News Media

Los Angeles Times

The rain was pounding in the Mojave Desert on the Saturday before Easter when the first call came in about a crash along Interstate 15. Details were sketchy: head-on collision, Mercedes versus another car, a 7-year-old not breathing, a nurse on scene performing CPR.

Las Vegas Heals

Alcohol impaired driving poses a significant risk factor to the overall burden of road traffic crashes and persists as a public health concern. Alcohol impaired driving (commonly known as drunk driving) is defined in Nevada as drivers or motorcycle riders having a blood alcohol concentration of 0.08 higher. Alcohol impacts the ability to operate a motor vehicle, and even the smallest amount of alcohol consumed may have a significant impact on a person’s judgment, behavior, and coordination.


Two state troopers died last week, hit by a driver on Interstate 15 in Las Vegas. The suspected driver in the crash is being held on a $500,000 bail. It was quite the sight when law enforcement formed a procession of vehicles to escort the bodies of the two men. And people are outraged.

KLAS-TV: 8 News Now

A Las Vegas surgeon said she knows first-hand the impact traffic crashes can cause families. That surgeon is now doing research to prevent crashes and help save lives.

Despite pandemic lockdowns, 2020 saw a spike in deadly driving incidents. Dr. Deborah Kuhls, professor of surgery at the Kirk Kerkorian School of Medicine at UNLV and chief of trauma at an Affiliated Public Hospital breaks down the numbers on Newsline with Brigitte Quinn.

The New York Times

After decades of declining fatality rates, dangerous driving has surged again. In the summer of 1999, a few years after graduating from medical school, Deborah Kuhls moved from New York to Maryland, where she had been accepted as a surgical fellow at the R Adams Cowley Shock Trauma Center in Baltimore. Founded by a pioneer in emergency medicine, Shock Trauma is one of the busiest critical-care facilities in the country — in an average year, doctors there see approximately 8,000 patients, many of them close to death.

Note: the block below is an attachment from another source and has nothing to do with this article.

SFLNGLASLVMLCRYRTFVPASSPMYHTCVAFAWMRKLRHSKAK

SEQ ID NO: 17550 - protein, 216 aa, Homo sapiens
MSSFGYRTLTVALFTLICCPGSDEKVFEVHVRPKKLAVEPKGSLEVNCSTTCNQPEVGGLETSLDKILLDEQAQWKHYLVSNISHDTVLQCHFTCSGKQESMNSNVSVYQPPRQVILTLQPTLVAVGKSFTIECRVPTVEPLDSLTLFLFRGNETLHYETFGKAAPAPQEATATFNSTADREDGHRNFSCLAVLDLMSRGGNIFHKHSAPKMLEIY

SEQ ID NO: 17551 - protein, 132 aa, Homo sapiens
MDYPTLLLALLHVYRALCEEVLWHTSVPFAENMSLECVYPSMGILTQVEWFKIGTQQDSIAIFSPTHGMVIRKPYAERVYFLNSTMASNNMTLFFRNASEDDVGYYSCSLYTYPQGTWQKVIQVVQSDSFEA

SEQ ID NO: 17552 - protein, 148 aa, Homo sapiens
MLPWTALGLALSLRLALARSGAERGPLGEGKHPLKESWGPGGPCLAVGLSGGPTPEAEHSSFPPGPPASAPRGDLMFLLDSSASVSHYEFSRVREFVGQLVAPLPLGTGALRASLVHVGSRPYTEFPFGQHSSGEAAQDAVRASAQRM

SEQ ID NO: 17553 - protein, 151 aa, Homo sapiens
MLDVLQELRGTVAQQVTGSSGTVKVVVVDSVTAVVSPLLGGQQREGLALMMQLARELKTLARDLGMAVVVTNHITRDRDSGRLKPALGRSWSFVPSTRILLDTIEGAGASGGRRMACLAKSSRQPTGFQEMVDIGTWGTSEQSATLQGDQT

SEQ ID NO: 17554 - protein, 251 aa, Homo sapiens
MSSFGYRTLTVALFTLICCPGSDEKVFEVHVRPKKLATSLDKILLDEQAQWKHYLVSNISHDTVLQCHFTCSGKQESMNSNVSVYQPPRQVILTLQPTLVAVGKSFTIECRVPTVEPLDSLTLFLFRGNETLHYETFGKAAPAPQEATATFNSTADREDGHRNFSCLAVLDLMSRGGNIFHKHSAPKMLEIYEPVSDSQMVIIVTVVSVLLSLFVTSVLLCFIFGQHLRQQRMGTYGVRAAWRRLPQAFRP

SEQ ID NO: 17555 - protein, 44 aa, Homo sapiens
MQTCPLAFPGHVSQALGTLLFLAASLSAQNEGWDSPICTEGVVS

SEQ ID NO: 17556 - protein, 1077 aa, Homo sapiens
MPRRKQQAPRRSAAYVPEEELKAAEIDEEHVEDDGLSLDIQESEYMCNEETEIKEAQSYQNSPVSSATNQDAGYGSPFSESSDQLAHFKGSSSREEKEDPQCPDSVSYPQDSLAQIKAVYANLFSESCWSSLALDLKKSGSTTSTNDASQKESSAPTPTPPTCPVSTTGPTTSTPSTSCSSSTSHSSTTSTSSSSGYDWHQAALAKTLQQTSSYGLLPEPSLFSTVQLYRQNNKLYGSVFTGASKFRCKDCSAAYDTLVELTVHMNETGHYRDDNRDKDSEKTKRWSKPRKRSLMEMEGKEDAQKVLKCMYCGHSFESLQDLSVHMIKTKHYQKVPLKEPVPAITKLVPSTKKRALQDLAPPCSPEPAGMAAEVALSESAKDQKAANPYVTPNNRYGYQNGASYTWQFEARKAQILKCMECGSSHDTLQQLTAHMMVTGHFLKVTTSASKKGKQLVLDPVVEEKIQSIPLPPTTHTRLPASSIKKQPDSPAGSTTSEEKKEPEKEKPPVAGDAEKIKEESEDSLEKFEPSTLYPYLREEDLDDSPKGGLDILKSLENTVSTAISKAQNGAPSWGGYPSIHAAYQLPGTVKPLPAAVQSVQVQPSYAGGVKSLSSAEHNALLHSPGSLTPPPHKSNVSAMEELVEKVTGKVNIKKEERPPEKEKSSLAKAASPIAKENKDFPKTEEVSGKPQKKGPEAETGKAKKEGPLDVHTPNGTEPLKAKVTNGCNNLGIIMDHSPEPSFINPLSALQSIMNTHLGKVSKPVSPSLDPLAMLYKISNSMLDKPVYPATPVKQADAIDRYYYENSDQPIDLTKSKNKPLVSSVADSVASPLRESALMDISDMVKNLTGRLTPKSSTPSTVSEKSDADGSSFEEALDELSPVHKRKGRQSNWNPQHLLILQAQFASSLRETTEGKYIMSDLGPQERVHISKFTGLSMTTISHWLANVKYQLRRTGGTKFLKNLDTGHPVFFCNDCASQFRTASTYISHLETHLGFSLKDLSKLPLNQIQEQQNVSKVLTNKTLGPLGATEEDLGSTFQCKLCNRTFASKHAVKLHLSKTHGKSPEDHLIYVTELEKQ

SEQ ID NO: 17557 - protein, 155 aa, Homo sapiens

Las Vegas Review Journal

Before Nevada lawmakers decriminalized traffic tickets, law enforcement had the right to arrest a driver for basic speeding violations.


The UNLV Department of Surgery at the Kirk Kerkorian School of Medicine will be able to continue studying vehicle crashes in Southern Nevada. That’s thanks to a $571,279 grant from the Nevada Department of Public Safety.

KLAS-TV: 8 News Now

As days grow shorter from Daylight Savings in Southern Nevada, the Dusk 2 Dawn campaign kicked off Friday with hopes of bringing awareness to worsening pedestrian collisions and fatalities in Nevada.

Las Vegas Review Journal

Hundreds of children have been hit by vehicles while biking or walking near Las Vegas Valley public schools, but educators and parents are unaware of the vast majority of crashes, records and interviews show, reducing the ability to target danger zones.

Las Vegas Review Journal

Although it’s something that should be observed every day, October is pedestrian safety month.

Las Vegas Review-Journal En Español

State officials are creating a task force to study how often traffic tickets are reduced for parking violations in court, after a Review-Journal investigation shows hundreds of thousands were reduced, including serious violations.

Las Vegas Review Journal

Traffic fatalities in Nevada and Clark County have crept upward as the year has progressed. In January, the state saw a 27 percent decline in traffic-related deaths when compared with the first month of 2021. By the end of July, however, the number of people killed on state roads this year had hit 211, equaling where it stood through the first seven months of 2021, the deadliest year on Nevada highways in 15 years.

KSNV-TV: News 3

Deadly motorcycle crashes are rising in Clark County this year.

Las Vegas Review-Journal En Español

It was a deadly Tuesday morning for pedestrians in the Las Vegas Valley, with three dead and a fourth seriously injured in four separate incidents.